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How I Won the Yellow Jumper: Dispatches from the Tour de France
How I Won the Yellow Jumper: Dispatches from the Tour de France
Price: 5.99

4 of 4 people found the following review helpful
4.0 out of 5 stars Fun insight into the delights of the Tour, 21 July 2011
I have to admit that, as a follower of the Tour de France since 1987, I was initially somewhat irritated by Ned Boulting's appearance on ITV's coverage of the race. Part of this was envy. How come some football reporter got the chance to follow the race at close quarters for three weeks? Especially when Tour-loving me only got the chance to stand in a scrum at the roadside for a few stages and then and follow the rest on the telly? Not fair.

It is to Boulting's credit, then, that this book comes far closer than most to explaining just why I love the Tour so much. By confessing his initial ignorance of the event, and showing how he has been seduced by it, Boulting sheds light on the many delights of this three week moving party.

Yes, some parts did still grate with the long-term TDF geek that is me - hey, Ned, if you don't want all the Tour freebies you get I'll have 'em! But this really is a minor gripe and, in any case, the author confesses that the book is best suited to those who, like him, are relatively new converts to the race.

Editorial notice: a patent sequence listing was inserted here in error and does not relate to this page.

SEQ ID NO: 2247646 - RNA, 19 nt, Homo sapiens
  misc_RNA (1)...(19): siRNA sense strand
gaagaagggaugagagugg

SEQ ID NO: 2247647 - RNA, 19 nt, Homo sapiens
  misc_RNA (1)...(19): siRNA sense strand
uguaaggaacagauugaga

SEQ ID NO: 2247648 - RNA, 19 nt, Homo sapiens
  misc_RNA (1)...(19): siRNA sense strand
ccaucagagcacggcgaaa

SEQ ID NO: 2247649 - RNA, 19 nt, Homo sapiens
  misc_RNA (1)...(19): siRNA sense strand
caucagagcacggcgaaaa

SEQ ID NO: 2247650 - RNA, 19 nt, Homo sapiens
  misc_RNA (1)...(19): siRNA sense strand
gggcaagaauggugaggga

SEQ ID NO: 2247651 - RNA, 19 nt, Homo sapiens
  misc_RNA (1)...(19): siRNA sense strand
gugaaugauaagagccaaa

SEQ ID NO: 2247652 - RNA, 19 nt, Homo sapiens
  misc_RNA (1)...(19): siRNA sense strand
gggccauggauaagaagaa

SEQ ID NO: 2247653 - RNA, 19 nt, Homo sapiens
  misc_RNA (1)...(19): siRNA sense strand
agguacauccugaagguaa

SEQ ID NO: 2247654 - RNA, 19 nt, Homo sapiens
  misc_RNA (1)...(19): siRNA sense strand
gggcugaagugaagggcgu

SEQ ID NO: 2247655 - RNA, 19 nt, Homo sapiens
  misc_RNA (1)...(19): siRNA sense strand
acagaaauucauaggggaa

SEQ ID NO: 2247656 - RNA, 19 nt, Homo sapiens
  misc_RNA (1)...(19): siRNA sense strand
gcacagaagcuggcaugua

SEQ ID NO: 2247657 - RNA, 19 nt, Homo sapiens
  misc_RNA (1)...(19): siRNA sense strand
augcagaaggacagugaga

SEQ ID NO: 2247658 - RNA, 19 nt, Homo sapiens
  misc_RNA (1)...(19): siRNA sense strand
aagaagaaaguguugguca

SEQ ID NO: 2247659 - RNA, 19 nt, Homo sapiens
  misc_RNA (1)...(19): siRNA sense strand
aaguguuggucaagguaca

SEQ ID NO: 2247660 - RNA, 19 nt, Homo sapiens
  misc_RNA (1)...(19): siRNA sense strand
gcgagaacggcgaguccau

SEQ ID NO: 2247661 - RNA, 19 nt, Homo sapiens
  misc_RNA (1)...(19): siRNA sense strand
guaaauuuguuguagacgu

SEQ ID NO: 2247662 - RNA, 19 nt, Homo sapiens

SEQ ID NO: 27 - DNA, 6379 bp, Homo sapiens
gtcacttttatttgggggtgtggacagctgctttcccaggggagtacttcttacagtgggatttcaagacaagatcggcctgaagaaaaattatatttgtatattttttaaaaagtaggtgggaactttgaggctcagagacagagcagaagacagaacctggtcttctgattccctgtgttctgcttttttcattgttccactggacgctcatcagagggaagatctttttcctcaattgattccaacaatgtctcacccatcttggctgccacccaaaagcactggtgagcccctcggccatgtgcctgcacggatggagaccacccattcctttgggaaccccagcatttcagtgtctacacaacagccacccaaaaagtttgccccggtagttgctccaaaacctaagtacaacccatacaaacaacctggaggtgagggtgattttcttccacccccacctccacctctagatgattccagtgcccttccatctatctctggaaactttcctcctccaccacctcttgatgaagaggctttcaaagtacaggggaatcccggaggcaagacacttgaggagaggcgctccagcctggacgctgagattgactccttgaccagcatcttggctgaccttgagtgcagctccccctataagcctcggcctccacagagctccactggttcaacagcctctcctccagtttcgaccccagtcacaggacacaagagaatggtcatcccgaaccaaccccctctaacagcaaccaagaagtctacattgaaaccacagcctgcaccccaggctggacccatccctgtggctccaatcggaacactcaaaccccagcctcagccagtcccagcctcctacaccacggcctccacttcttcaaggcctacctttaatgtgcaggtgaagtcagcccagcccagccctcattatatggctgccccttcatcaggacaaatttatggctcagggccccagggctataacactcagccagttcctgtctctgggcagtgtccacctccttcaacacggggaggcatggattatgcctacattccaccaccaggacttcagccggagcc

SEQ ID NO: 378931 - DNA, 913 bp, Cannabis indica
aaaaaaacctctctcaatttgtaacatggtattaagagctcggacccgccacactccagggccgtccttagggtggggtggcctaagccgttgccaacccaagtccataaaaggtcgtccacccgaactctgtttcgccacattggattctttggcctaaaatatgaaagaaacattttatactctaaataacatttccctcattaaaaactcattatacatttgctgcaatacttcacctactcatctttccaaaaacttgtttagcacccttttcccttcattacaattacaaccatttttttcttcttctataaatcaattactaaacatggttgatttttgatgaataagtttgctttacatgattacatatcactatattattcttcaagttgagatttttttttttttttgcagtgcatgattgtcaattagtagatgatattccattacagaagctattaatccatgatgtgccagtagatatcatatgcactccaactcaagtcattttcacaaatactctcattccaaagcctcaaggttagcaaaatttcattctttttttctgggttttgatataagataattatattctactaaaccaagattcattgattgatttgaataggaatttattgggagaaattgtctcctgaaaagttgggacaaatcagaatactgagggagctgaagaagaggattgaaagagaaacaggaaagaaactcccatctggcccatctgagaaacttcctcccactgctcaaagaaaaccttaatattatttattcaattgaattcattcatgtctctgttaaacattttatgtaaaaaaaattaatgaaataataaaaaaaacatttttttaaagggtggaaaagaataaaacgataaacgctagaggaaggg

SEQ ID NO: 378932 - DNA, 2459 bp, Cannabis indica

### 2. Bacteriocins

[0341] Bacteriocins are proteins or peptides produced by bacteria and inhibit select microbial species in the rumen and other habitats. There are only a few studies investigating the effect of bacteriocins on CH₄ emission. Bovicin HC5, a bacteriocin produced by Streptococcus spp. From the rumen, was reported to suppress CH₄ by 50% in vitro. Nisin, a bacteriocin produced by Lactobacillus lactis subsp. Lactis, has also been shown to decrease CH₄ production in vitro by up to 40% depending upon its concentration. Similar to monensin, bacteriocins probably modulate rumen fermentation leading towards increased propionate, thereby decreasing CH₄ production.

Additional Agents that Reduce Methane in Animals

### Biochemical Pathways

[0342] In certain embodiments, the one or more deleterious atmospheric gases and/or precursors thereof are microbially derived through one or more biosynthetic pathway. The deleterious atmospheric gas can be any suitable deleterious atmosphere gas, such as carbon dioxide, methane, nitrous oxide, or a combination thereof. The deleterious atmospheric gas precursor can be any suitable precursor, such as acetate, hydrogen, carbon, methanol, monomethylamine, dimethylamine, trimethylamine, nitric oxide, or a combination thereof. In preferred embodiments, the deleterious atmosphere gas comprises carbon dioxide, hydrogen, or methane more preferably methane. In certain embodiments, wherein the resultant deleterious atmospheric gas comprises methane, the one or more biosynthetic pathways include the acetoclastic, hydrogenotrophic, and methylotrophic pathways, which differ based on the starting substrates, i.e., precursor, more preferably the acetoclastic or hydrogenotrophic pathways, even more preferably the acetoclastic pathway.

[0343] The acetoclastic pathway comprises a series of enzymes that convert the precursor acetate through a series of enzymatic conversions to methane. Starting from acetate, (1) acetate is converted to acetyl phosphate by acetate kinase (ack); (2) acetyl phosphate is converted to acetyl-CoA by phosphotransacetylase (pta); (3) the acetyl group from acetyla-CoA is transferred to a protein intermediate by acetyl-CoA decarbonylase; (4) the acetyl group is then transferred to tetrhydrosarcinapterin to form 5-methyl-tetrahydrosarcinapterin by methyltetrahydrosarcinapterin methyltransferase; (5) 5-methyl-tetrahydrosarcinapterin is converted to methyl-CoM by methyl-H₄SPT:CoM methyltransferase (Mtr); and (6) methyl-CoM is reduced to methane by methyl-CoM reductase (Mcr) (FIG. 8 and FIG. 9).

All in all, highly recommended.


Slaying the Badger: LeMond, Hinault and the Greatest Ever Tour de France
Slaying the Badger: LeMond, Hinault and the Greatest Ever Tour de France
Price: 4.31

19 of 24 people found the following review helpful
2.0 out of 5 stars A different opinion, 21 July 2011
Richard Moore's Slaying the Badger seems to have gained universal praise and so it's with some trepidation that I offer a dissenting opinion. Don't get me wrong: the story of the 1986 Tour is a fascinating one. I'm just not sure that this book tells it in a fascinating way.

I should probably make clear at the outset that I work as a writer and editor. That means that I have a horrible tendency to mentally edit books as I read them. Often, there are things which irritate me which I'm sure would bother no-one else. But in other instances there are problems with the language so fundamental that I'm sure they bother people regardless of whether they are paid to spot misplaced apostrophes. This is one of those instances.

A big part of the problem for me is the tendency to cram far too many ideas into one sentence. Sometimes this simply leads to clumsy phrasing: "Laurent Fignon, it becomes clear whenever the road begins to rise, is, as his performance in the time trial in Nantes had suggested, finished."